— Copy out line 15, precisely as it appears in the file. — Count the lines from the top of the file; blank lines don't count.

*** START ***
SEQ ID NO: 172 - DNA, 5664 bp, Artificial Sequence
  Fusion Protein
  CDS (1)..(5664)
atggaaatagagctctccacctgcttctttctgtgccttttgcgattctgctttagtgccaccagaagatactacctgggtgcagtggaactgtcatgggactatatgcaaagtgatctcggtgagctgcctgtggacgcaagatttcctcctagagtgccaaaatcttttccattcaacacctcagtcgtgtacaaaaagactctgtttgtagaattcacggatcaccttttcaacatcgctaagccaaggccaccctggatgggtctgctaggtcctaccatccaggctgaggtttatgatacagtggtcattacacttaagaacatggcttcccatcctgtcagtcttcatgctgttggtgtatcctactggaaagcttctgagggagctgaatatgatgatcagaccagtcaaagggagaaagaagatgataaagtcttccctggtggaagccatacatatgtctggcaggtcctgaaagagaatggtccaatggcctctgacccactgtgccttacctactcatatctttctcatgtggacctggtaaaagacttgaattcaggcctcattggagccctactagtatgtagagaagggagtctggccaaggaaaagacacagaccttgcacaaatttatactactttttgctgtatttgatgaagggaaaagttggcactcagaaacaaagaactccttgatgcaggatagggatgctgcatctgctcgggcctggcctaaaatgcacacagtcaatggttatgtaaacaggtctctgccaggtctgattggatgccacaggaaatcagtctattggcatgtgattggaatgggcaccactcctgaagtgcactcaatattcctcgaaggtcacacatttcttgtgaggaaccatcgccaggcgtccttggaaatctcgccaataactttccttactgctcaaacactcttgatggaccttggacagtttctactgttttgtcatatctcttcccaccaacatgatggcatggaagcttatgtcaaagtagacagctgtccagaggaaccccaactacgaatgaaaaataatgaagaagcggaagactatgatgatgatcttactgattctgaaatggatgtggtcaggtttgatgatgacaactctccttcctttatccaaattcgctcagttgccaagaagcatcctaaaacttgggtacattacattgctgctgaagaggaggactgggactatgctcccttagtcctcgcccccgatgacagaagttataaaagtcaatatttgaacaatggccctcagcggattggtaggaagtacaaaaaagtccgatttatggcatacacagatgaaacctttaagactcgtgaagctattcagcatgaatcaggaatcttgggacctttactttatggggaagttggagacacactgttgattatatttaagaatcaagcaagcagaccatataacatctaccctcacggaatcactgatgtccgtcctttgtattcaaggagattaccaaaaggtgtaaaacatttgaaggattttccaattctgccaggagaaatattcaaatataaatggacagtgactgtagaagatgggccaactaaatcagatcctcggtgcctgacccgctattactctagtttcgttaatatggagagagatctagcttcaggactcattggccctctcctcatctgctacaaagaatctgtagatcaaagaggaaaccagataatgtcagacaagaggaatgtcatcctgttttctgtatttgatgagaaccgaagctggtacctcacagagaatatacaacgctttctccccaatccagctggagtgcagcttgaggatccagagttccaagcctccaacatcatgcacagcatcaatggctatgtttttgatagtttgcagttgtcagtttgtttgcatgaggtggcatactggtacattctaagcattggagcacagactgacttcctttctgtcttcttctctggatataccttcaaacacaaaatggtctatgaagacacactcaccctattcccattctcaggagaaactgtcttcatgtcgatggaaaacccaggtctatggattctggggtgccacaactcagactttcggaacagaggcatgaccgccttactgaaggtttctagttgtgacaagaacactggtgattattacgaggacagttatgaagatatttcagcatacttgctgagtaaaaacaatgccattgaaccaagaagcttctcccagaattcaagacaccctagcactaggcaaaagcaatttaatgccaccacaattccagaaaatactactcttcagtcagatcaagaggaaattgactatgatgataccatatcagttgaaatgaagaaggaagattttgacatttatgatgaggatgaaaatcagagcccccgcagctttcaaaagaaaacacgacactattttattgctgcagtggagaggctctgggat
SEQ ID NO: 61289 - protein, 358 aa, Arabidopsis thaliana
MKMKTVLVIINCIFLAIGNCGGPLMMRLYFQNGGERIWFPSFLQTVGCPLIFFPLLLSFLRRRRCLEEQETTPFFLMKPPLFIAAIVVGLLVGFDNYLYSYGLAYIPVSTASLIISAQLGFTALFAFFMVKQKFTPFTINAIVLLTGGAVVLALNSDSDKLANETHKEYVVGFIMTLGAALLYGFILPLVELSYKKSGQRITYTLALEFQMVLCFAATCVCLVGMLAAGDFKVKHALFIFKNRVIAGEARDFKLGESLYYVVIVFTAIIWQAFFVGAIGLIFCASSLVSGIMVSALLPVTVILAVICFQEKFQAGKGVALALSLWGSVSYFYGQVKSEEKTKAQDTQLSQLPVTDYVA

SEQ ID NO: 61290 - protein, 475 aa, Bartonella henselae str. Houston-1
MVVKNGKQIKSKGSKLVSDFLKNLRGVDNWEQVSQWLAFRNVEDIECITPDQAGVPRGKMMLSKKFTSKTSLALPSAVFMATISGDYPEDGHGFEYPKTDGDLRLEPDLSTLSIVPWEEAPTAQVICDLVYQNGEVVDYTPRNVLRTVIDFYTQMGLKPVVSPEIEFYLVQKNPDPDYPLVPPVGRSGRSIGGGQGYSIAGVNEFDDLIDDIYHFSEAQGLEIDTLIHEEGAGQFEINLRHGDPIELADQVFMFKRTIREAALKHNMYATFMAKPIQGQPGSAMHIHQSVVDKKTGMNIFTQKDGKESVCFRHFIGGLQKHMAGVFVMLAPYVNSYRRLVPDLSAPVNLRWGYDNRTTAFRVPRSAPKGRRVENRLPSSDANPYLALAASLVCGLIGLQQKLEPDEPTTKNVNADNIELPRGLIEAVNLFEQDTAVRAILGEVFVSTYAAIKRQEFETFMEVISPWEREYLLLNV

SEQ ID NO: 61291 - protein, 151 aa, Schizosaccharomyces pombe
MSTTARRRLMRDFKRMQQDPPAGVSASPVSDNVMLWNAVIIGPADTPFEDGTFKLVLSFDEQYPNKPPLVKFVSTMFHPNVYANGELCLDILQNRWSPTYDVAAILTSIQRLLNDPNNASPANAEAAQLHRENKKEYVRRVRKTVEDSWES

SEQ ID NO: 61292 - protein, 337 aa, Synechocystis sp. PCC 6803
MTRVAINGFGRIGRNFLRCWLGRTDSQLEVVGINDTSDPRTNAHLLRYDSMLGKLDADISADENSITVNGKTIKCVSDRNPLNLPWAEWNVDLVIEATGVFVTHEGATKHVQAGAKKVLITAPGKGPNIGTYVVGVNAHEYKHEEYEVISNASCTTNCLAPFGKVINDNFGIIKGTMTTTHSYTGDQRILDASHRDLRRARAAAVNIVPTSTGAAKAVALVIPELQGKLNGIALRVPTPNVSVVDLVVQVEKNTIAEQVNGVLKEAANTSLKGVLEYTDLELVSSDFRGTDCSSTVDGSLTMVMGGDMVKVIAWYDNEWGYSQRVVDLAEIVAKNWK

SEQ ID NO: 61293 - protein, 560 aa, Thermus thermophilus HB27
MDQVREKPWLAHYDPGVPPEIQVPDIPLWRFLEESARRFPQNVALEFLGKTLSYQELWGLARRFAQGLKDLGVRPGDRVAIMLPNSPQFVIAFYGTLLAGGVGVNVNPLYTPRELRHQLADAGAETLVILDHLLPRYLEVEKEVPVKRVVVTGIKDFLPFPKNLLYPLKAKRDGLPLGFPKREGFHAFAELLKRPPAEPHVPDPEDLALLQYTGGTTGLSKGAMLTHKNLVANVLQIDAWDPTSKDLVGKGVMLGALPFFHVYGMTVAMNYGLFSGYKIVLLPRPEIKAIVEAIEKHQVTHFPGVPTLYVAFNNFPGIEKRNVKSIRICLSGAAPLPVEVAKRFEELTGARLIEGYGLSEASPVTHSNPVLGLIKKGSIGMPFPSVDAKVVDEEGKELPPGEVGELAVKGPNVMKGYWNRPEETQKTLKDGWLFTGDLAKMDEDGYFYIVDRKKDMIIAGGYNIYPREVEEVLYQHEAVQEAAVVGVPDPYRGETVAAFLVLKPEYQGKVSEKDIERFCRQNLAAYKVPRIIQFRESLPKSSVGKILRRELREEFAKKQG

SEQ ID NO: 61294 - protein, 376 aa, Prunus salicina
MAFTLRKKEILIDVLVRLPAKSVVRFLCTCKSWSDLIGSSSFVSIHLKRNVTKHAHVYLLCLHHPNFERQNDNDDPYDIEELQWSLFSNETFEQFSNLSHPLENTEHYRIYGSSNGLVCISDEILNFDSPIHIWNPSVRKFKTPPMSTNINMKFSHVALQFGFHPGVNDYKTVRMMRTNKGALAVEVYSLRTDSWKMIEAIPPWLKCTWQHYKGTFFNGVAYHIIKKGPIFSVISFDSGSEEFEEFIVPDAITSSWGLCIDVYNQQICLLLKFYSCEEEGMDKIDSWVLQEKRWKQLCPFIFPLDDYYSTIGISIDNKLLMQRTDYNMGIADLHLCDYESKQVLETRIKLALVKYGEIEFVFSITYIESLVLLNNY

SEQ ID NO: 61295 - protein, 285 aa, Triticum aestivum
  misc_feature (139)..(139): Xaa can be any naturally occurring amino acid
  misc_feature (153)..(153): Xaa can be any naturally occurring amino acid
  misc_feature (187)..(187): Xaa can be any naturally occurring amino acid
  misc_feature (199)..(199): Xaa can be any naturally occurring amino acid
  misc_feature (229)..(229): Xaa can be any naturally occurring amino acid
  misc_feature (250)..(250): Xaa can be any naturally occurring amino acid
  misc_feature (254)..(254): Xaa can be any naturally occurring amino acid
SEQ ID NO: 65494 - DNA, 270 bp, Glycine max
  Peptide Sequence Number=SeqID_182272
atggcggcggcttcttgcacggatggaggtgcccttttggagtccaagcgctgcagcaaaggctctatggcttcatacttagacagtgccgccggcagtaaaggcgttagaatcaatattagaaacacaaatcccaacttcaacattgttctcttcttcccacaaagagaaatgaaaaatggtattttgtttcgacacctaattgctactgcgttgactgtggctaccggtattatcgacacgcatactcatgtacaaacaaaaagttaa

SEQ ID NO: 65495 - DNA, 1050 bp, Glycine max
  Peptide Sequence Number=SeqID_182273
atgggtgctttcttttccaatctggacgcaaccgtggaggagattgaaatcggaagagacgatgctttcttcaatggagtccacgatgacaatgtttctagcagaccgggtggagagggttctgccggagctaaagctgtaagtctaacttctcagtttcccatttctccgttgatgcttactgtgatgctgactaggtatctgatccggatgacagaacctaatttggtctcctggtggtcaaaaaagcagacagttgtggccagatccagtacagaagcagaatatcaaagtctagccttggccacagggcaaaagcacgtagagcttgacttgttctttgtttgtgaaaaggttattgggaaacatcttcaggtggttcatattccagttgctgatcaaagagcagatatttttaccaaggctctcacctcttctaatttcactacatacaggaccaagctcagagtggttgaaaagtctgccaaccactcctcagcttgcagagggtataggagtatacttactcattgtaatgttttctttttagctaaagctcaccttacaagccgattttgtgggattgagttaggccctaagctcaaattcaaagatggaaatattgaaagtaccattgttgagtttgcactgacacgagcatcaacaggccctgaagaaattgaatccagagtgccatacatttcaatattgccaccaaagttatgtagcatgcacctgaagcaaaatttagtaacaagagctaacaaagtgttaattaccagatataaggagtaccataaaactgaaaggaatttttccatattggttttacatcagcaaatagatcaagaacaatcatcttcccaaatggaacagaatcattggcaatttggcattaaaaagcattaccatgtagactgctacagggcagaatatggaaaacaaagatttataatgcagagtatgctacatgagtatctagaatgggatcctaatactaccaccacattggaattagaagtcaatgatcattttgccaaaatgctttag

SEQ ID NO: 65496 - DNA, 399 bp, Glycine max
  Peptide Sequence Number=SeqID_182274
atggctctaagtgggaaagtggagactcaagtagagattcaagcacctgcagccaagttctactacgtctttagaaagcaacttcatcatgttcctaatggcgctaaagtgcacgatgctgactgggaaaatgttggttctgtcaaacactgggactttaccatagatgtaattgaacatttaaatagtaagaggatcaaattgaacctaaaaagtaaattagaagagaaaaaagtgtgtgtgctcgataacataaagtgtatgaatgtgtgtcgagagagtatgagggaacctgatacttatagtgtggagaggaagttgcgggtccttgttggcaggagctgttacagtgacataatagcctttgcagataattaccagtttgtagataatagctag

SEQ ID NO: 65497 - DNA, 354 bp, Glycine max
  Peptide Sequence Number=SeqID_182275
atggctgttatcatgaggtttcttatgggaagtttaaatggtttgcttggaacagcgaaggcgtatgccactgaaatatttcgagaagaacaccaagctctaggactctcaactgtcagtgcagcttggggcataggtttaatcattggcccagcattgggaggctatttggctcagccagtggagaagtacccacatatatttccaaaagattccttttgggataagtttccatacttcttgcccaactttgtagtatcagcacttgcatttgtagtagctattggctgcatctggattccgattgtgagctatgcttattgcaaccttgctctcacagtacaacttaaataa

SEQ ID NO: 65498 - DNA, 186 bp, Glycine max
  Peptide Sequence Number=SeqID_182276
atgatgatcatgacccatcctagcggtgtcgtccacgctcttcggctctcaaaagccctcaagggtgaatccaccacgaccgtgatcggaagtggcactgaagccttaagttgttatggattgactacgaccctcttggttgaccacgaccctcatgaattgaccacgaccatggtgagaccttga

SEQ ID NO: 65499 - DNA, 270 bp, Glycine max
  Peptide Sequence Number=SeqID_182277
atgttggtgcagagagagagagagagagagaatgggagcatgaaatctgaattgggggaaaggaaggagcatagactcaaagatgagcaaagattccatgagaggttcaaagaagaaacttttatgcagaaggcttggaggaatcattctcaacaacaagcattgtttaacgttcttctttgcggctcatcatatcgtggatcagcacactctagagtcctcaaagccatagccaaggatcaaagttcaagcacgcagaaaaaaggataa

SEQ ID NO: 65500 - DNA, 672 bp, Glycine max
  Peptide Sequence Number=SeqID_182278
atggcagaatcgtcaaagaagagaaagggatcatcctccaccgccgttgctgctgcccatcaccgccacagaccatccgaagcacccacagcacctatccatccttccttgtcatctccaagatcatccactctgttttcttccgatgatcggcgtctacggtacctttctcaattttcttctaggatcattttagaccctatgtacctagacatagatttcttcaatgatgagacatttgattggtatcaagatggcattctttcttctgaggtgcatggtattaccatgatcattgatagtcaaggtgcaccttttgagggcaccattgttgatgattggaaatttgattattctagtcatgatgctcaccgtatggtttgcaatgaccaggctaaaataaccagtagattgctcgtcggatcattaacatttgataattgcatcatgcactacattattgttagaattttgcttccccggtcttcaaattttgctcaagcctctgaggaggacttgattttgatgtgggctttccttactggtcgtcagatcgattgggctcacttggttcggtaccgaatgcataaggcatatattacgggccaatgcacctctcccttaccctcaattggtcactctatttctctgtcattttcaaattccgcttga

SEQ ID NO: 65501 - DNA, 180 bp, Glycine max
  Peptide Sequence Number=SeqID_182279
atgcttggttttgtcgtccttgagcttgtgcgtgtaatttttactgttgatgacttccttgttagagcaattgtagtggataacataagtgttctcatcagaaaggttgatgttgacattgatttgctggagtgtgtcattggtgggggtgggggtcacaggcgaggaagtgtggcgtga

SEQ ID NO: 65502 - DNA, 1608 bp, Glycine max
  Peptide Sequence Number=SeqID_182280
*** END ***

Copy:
SEQ ID NO: 61294 - protein, 376 aa, Prunus salicina